Eastern and Orthodox Christianity
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- Full Year
This course uses the prism of historical, theological, political, social, cultural and religious dynamics to examine the evolution of Eastern and Orthodox Christianity over two thousand years. It examines 'apostolic links' and 'conversion narratives', that point to the Judaeo-Christian matrix of early Christianity which was subsumed by Hellenism in the fourth century CE.
The doctrinal disputes of the fourth and fifth century, which introduced concepts of heresy and orthodoxy that were inherent in the emergence of the so-called 'Oriental' Churches, are evaluated to demonstrate the challenges that accompanied the changed face of Christianity when it became an 'establishment' religion.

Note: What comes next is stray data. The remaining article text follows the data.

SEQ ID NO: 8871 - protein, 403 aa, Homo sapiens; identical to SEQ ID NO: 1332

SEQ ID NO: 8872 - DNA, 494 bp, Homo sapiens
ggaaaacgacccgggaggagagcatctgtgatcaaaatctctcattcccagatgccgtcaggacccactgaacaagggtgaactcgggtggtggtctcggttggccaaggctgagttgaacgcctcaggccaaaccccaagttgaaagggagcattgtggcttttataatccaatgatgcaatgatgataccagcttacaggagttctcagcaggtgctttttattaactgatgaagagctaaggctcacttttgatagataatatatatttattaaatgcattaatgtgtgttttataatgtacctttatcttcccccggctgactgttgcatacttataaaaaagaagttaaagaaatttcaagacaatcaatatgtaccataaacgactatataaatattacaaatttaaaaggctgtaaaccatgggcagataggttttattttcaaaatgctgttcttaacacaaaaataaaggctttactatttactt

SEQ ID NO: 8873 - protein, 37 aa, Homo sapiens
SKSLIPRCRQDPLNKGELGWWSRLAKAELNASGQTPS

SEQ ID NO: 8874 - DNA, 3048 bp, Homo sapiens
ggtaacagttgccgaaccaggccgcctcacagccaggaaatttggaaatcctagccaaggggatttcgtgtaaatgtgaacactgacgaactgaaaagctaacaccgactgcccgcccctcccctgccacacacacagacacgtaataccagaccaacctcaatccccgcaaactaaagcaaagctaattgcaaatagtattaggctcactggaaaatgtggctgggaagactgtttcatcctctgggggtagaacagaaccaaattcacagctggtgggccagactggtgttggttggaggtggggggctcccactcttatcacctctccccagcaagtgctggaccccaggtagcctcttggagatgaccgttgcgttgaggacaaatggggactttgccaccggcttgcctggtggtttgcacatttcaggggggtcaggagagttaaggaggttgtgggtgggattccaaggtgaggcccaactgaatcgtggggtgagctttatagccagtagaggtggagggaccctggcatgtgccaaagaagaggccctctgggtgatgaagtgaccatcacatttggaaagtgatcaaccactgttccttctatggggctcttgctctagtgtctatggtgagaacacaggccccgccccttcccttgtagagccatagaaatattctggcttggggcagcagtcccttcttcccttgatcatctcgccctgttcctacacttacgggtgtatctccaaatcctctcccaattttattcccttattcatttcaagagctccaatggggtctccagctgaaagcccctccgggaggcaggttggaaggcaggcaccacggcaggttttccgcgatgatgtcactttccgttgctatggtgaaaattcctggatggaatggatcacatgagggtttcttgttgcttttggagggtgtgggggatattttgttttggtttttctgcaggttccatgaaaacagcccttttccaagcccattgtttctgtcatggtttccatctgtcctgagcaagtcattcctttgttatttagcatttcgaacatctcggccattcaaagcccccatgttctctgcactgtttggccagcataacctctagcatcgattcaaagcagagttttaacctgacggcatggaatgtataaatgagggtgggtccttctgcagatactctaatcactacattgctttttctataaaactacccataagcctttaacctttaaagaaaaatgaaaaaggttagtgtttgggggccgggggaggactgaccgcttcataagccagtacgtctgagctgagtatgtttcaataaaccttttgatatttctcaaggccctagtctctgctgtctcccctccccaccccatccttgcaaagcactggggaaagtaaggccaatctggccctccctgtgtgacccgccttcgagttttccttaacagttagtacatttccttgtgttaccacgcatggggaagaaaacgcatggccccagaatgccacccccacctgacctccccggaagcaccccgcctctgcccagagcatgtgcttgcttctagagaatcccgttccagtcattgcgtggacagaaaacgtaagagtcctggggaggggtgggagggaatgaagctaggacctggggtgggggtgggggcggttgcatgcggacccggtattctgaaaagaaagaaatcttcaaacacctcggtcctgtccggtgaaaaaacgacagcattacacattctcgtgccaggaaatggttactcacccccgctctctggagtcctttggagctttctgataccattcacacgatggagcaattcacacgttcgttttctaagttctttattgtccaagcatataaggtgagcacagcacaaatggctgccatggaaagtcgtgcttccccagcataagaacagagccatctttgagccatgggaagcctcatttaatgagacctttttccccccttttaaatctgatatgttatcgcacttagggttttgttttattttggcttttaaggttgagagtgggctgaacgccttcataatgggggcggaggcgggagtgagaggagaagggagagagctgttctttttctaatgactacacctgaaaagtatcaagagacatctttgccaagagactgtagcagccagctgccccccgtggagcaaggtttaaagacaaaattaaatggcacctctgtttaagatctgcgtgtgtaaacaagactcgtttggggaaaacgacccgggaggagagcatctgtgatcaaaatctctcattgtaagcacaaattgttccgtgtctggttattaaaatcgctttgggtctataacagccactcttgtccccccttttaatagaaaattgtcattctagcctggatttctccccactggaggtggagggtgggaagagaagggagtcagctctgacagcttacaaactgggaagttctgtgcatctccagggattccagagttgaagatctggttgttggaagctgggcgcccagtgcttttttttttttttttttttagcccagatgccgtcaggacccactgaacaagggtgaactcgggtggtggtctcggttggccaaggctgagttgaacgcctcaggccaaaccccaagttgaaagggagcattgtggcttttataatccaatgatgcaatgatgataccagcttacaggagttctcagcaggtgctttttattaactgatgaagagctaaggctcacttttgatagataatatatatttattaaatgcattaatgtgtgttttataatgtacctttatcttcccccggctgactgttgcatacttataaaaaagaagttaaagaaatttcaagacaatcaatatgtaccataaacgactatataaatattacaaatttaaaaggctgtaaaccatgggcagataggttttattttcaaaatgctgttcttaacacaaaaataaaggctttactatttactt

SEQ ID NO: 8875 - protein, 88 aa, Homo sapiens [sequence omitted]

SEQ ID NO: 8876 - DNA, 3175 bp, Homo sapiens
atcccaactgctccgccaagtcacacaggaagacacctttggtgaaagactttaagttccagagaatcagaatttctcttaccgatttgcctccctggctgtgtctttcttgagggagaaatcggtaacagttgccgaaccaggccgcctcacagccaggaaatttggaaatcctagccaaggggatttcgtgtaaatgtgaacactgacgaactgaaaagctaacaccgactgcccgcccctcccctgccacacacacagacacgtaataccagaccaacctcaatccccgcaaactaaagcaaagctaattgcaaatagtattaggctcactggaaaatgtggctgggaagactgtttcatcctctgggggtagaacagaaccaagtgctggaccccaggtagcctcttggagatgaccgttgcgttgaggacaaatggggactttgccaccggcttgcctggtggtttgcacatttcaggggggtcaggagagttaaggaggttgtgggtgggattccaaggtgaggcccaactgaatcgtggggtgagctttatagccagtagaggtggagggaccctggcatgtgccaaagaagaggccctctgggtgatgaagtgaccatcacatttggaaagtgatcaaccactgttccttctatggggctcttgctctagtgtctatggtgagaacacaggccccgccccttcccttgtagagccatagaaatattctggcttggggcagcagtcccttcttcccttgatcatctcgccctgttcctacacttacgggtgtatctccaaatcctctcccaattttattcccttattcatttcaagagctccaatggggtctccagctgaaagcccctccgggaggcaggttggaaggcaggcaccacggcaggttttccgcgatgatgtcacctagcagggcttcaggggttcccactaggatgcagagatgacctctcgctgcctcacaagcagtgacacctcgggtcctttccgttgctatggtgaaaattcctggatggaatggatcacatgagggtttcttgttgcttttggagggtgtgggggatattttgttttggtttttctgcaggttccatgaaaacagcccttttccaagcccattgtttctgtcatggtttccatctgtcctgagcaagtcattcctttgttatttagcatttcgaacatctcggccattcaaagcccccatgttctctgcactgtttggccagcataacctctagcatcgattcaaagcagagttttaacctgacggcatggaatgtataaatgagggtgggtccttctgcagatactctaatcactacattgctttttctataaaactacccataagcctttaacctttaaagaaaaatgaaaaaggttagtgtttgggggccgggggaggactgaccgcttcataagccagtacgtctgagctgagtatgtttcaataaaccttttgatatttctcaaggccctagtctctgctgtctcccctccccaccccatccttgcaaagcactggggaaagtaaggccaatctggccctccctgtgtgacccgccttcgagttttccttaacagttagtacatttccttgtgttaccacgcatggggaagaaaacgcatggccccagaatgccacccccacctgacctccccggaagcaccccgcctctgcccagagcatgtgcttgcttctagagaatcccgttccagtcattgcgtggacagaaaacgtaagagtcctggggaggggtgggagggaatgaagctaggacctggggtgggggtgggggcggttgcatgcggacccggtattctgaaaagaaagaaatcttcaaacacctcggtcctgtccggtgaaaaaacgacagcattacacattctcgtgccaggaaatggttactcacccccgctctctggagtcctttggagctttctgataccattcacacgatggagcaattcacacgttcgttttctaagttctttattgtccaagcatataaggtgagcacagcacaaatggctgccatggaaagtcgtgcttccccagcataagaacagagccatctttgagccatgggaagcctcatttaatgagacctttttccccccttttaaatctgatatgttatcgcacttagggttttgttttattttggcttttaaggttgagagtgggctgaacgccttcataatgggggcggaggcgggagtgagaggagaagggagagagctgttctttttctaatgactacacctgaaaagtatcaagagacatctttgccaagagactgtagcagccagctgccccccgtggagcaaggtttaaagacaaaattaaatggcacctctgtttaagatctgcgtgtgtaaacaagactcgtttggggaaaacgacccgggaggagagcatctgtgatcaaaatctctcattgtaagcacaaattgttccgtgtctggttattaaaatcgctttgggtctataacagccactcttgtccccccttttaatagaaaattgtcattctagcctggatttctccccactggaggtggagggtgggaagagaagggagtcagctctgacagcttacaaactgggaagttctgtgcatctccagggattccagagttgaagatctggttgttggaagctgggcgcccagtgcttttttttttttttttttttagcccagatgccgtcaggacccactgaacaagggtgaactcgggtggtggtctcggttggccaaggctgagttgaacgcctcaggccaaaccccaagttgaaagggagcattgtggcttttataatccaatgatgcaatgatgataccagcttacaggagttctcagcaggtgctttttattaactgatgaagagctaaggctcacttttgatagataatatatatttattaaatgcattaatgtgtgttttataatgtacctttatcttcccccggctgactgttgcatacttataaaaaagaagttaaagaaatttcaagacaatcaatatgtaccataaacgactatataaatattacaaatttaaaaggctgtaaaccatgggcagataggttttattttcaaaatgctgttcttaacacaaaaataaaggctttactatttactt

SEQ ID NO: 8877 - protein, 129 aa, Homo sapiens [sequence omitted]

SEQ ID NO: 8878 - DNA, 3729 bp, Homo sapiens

Objectives and learning outcomes of the module
By the end of the course students should be able to:
- Discuss, with reference to primary and secondary sources, key issues in the phenomenology of martyrdom and monasticism in the Eastern and Orthodox churches;
- demonstrate an awareness of the major issues and differences in the current research;
- Analyze critically the methodologies of scholars in the field.
2 hour lecture and 1 hour seminar each week.
Scope and syllabus
The course explores its profile in both the Byzantine and Sassanid Empires (as 'establishment' and 'non-establishment' institutions respectively), its 'dhimmi' status in Islam (including the Ottoman period) as well as its tension with Communism and the challenges faced in the post-Communist period. Regional case studies articulate the contribution of Christianity to the development of vernacular identity in Armenia, Egypt, Ethiopia, India, Iraq and Syria (Eastern Church), Georgia, Russia and Serbia (Orthodox Church).
Method of assessment
Coursework: two 1,500 word essays (50%), one oral presentation (10%). Assessment: two hour exam paper (40%).